An improvised face lift for a chain-link barrier has led to a shifting display of nonpartisan peace banners
ASHLAND, Oregon - In the middle of an abandoned rail yard, on a chain-link fence surrounding a waste site, scores of peace posters have bloomed, the creation of a group of Ashland women who hope their work eventually makes its way to the fence around the White House.
Many of the 75 displays tied to the "peace fence" are scrawled with peace signs, doves and rainbows, and splashed with Vietnam-era slogans like "give peace a chance." Others approach toward art with images of animals, children, mothers and planet Earth.
"It's apolitical and seems to appeal to all political persuasions, no mention of candidates or political issues, just positive aspirations for the planet," says Nancy Bardos, one of the organizers.
Bardos' cloth art has Chinese symbols for peace, and reads, "Wars are based on the lies we tell ourselves about what is possible."
The display is the inspiration of Jean Bakewell, who was a child in England during the German bombings of World War II. Her daily trip to her favorite cafÃƒ© took her past the 20-acre site, which was fenced off last year while awaiting cleanup of a century of industrial waste.
"I decided this fence of contention needed a face lift, so I called these characters (friends) and we started the display for Mother's Day," says Bakewell.
It is growing with new additions daily, she says, because "things look so black and people feel so helpless. This is a sign of hope. If we can do this, there's a way this can spread across the country and end up on the White House fence."
The group of seven older women are communicating with people in Eugene, Philadelphia and other cities where people are interested in creating their own peace fence. They're planning to make a Web site, contribute panels to displays in other cities and help with a how-to booklet.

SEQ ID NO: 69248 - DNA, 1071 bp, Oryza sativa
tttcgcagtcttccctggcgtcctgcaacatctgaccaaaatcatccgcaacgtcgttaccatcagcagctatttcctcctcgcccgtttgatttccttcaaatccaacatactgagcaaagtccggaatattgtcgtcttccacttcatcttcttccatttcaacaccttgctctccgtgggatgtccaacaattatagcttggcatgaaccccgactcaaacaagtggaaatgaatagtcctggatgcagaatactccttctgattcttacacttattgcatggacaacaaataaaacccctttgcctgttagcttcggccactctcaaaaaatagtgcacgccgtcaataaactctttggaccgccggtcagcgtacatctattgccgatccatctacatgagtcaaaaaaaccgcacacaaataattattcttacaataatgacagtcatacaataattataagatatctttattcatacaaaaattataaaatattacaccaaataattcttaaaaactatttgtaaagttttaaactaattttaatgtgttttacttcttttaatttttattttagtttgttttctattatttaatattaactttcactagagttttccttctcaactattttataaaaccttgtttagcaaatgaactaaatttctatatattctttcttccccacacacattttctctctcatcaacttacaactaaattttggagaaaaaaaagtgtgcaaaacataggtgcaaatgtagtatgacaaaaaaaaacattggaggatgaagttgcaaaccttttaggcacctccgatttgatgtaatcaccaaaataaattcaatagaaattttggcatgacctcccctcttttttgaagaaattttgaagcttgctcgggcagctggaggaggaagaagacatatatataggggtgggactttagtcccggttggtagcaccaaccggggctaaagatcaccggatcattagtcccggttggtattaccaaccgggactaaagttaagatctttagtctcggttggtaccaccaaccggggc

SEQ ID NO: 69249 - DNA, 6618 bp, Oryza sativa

"It's profound, very wonderful. I'm really taken aback. There's so much effort put into this," says Jolie Johnson of Talent, an onlooker who learned of the project by word-of-mouth. "We certainly need it."
The panels have grommets on the corners to withstand gusty winds, but several, including a picture of a penguin holding its chick, have disappeared.
"All the children wanted to have their pictures taken with it, so we think it went to a good home," says Kay Cutter, one of the organizers, who created it. "Still, it would be nice if they bring it back."
The art is scarcely visible from any public place. It's on land owned by the Central Oregon & Pacific Railroad, behind a row of businesses on A Street between 4th and 6th streets. People who want to see it have to walk between the buildings and cross the railroad tracks to see the exhibit against the backdrop of Grizzly Peak.
The women say they flash the peace sign at the few train engineers who come through.
CORP officials could not be reached for comment about the display.
"It was sort of a caper we did, like guerilla panel mounters at night, so it would be a surprise on Mother's Day," says Kate Geary, one of the organizers.
Most of the panels are from Ashland residents, but as word of the project spread around the Internet, panels arrived from other states, including one from a school class in Santa Rosa, Calif.
Although the art studiously avoids specific mention of the war in Iraq, organizer Nancy Parker says that conflict must have influenced the artists.
"I'm sure people create these panels with the war in mind and don't want to see it go on forever," she said, "but they also want to see their expressions be positive, not angry."
One dark panel, dominated by somber reds and blacks, has a gloved fist jutting out, holding a red rock and proclaiming the words of Buddha, "Holding anger is like grasping a hot coal with the intent of throwing it at someone else. You are the one who gets burned."
John Darling is a freelance writer living in Ashland. E-mail him at firstname.lastname@example.org.
Copyright © 2007 Mail Tribune.